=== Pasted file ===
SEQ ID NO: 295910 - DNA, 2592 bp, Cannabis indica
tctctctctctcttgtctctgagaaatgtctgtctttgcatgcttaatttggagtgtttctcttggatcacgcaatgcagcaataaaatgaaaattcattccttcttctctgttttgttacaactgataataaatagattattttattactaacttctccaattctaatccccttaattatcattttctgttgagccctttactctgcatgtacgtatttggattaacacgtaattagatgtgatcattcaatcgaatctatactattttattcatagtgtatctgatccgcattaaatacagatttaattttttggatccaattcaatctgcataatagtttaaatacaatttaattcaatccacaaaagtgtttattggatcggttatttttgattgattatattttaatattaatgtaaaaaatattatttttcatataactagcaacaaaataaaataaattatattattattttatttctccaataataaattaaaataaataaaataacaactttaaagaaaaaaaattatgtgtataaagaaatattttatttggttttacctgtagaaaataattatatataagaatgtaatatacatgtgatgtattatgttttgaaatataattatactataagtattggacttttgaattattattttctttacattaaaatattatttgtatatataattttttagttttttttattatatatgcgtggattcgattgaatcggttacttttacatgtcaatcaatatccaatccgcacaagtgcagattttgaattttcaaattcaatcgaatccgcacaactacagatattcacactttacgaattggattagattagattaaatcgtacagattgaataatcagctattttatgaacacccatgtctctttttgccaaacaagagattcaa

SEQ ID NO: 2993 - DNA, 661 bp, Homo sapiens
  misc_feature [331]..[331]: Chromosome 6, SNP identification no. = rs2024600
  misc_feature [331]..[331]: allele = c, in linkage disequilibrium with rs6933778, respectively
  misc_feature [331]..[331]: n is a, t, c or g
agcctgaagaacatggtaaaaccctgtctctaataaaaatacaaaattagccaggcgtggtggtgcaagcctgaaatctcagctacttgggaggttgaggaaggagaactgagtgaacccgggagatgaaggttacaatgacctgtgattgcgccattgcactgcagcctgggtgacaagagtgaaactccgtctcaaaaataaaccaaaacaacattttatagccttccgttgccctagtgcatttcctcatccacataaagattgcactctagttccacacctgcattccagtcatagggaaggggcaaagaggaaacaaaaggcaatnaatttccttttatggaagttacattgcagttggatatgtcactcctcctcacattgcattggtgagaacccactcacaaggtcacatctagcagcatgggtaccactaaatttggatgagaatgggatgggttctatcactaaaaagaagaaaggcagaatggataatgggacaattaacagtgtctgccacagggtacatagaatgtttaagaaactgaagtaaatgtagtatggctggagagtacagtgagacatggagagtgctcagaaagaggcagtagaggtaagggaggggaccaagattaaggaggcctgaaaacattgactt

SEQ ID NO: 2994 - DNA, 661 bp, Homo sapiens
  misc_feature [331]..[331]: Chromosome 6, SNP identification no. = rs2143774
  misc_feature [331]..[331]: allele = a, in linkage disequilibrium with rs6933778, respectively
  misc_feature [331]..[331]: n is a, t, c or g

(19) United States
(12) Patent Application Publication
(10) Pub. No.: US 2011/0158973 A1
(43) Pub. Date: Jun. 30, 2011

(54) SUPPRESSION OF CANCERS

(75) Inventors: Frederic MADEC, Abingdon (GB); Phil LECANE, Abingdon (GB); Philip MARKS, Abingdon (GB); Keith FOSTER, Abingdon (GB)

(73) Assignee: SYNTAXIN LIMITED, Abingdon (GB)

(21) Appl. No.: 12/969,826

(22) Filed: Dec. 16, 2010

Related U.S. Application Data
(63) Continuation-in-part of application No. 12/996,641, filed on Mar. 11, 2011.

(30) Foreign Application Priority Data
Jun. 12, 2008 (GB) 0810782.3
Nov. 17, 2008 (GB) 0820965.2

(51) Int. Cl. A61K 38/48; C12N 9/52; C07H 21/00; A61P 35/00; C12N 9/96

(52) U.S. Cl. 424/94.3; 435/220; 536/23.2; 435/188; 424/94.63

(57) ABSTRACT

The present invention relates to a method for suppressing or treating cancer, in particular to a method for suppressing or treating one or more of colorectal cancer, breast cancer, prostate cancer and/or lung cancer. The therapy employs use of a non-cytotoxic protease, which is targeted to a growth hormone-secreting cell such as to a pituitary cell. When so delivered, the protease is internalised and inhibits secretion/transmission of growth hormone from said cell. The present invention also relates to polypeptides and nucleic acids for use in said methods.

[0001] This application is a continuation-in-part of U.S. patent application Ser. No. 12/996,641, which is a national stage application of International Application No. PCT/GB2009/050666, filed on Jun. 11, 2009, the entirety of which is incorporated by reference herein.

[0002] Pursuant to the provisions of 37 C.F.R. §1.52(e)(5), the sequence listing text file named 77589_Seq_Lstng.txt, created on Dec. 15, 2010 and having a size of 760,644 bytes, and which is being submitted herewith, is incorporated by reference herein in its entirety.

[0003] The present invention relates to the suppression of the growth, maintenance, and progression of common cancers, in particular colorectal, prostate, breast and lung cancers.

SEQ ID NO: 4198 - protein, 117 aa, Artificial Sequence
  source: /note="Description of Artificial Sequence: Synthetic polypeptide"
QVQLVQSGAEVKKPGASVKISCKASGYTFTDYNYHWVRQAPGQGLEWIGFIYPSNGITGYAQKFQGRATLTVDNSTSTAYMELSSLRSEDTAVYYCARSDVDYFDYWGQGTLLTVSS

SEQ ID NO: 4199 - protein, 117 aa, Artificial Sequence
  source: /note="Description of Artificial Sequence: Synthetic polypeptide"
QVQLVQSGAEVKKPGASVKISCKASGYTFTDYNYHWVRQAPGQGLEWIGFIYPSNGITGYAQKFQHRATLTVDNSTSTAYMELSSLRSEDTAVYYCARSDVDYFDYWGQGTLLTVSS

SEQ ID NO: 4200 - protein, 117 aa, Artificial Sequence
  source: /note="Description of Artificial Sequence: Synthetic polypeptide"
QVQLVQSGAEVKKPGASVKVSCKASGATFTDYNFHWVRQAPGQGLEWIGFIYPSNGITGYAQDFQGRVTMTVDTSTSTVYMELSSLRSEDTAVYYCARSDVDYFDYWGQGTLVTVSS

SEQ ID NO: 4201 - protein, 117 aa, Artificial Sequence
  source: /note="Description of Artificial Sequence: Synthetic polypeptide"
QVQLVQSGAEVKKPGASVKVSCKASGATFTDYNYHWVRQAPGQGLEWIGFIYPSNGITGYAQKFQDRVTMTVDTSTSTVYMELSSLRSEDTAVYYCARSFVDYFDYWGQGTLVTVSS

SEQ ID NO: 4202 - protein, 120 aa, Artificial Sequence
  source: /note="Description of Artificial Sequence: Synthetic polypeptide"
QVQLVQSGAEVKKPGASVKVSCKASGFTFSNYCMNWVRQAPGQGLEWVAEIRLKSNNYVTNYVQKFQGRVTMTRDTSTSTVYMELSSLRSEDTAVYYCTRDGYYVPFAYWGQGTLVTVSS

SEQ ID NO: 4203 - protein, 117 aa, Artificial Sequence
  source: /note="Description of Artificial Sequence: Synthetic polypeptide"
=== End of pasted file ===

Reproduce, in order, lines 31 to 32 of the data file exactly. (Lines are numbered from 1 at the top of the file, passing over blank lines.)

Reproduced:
[0002] Pursuant to the provisions of 37 C.F.R. §1.52(e)(5), the sequence listing text file named 77589_Seq_Lstng.txt, created on Dec. 15, 2010 and having a size of 760,644 bytes, and which is being submitted herewith, is incorporated by reference herein in its entirety.

[0003] The present invention relates to the suppression of the growth, maintenance, and progression of common cancers, in particular colorectal, prostate, breast and lung cancers.